When a forest fire in the area of Tadoule Lake (Lac Brochet, Manitoba, Canada) threatened an outpost two float-equipped aircraft were chartered to fly out people and equipment. a (1960 built) DeHavilland Canada DHC-3 Otter and a Cessna 185.
The incident aircraft in better days (© Bill Jackson)
The DHC-3 payload consisted of;
2 passengers (the outpost owner and his son)
two 45 gallon drums of fuel
one propane cylinder
one battery charger
several personal items
After loading the aircraft, its weight was close to its maximum gross weight. With the doors closed the Pratt & Whitney R1340 radial engine was started and after the necessary checks were completed, take-off was initiated at ~17.00 local time, in a westerly direction into light winds, estimated to be 5 to 8 knots. OAT (Outside Air Temperature was 27 ºC. The take-off run on Stevens-Nicklin Lake (Manitoba, Canada) was uneventful, until the aircraft reached a height of approximately 80 feet AGL (Above Ground Level), the climb stopped and the aircraft started to descend. The pilot applied full power but was unable to arrest the descent and the aircraft impacted trees with a low forward speed, in a near wings level attitude. After the aircraft came to a stop in the trees a fire broke out. The pilot and the passengers evacuated the aircraft and only sustained minor scrapes and bruises. The pilot of the Cessna 185 had witnessed the accident while airborne. H immediately landed and rendered assistance to the occupants of the DHC-3. The aircraft was destroyed by impact forces and post-impact fire.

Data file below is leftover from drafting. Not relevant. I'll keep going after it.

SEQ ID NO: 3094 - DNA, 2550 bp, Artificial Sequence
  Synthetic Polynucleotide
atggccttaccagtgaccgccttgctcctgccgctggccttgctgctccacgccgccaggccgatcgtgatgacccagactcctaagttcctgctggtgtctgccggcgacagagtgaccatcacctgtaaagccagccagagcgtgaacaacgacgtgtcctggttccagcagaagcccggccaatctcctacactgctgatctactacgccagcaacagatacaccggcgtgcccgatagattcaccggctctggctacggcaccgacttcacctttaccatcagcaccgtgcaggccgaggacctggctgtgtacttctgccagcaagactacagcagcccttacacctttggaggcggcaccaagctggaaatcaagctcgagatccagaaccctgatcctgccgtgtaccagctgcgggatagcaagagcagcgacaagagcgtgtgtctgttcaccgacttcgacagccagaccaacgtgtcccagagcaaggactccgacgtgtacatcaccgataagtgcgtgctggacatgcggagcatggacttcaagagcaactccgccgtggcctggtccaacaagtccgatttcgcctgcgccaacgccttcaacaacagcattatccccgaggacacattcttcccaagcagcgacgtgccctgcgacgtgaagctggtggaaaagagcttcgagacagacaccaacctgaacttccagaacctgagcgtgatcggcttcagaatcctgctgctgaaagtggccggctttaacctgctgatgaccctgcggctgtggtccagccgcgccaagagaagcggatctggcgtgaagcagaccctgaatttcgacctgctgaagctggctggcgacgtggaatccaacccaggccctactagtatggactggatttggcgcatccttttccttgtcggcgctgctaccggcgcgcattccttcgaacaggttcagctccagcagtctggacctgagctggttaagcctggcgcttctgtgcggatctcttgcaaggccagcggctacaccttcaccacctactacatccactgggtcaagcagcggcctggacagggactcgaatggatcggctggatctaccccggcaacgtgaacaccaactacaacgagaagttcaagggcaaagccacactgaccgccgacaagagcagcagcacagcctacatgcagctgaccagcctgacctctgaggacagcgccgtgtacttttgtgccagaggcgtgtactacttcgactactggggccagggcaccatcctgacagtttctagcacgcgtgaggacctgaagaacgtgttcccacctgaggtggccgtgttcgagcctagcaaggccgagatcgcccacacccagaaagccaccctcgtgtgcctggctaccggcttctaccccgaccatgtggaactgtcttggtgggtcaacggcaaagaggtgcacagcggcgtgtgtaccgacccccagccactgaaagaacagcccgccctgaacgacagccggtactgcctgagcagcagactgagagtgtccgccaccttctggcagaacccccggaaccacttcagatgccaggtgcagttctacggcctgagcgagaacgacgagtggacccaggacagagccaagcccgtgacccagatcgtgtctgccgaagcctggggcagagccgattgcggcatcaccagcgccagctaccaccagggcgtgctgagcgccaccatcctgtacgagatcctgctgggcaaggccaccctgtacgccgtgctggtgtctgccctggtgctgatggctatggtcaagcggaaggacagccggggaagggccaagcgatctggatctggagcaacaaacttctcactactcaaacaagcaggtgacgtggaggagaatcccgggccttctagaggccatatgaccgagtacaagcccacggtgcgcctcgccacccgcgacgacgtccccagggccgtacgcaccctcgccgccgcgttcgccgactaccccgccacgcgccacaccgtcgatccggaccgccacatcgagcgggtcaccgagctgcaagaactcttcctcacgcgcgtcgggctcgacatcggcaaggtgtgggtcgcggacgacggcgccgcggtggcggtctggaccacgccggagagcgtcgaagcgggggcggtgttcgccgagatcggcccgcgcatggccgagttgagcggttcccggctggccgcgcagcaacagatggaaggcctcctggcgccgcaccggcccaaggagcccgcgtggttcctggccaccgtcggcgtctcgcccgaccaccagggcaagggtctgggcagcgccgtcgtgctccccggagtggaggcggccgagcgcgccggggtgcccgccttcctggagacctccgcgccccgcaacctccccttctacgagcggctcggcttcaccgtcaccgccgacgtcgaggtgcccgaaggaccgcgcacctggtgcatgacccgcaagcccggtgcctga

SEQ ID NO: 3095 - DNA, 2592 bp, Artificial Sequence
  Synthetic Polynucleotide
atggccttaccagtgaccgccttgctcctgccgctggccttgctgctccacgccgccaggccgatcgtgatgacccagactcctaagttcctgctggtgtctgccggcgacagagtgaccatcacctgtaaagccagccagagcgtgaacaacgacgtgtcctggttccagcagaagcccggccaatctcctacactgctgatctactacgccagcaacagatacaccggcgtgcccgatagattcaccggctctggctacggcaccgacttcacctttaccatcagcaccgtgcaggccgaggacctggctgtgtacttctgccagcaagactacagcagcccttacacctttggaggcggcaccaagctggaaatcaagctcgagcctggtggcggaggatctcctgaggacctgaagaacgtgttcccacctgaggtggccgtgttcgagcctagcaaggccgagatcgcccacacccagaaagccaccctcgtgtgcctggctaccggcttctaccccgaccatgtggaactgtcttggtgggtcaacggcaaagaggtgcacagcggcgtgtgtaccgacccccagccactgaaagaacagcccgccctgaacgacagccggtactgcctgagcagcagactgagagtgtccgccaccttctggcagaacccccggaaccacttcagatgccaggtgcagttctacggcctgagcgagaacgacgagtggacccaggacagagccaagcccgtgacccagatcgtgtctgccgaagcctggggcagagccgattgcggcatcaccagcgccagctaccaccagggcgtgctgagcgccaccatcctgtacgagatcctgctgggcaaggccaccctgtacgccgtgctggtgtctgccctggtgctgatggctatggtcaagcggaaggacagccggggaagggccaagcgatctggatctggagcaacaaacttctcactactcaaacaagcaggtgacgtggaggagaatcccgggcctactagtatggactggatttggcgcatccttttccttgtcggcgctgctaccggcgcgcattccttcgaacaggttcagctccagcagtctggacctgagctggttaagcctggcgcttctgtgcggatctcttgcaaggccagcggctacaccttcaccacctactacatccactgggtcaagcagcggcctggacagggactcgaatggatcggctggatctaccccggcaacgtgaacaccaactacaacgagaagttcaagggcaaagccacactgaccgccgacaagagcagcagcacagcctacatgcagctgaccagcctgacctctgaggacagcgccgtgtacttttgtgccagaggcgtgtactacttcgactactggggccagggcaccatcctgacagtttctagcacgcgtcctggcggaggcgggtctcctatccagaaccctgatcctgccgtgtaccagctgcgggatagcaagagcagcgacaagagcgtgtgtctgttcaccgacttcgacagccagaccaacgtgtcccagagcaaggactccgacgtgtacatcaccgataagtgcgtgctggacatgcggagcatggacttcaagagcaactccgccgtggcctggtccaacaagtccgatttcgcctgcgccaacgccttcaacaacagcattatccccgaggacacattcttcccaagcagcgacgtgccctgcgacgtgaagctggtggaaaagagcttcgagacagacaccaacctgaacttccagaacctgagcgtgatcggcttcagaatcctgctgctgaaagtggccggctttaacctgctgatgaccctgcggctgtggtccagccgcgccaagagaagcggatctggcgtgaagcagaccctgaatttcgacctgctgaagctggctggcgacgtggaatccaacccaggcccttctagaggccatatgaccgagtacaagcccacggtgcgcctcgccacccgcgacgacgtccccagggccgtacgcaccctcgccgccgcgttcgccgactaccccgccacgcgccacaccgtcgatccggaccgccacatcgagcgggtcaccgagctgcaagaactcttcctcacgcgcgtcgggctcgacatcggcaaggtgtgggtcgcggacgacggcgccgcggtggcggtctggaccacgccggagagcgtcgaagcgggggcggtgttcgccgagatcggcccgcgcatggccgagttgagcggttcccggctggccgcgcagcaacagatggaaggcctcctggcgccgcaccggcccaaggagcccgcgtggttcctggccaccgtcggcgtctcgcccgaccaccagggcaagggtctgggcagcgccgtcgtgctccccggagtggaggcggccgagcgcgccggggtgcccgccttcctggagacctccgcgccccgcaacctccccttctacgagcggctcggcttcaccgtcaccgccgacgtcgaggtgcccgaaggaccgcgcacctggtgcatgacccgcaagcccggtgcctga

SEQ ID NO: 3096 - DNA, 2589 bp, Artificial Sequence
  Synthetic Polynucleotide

The Transportation Safety Board of Canada reported that the aircraft had a headwind in proximity to the forest fire on takeoff and that it flew into the area of a tailwind during the initial climb.
** Editorial note **
V2 Aviation - Training & Maintenance based this blog on a CADORS (Civil Aviation Daily Occurrence Reporting System - Canada) report. These reports contain preliminary, unconfirmed data which can be subject to change. Should there be an inconsistency in the blog don't hesitate to get in touch with us. There are two possibilities to do that, via the comments function at the bottom of this page or via the contact page of the website.
The CADORS report (CADORS Number:2000C0730) related to this blog can be found by clicking here.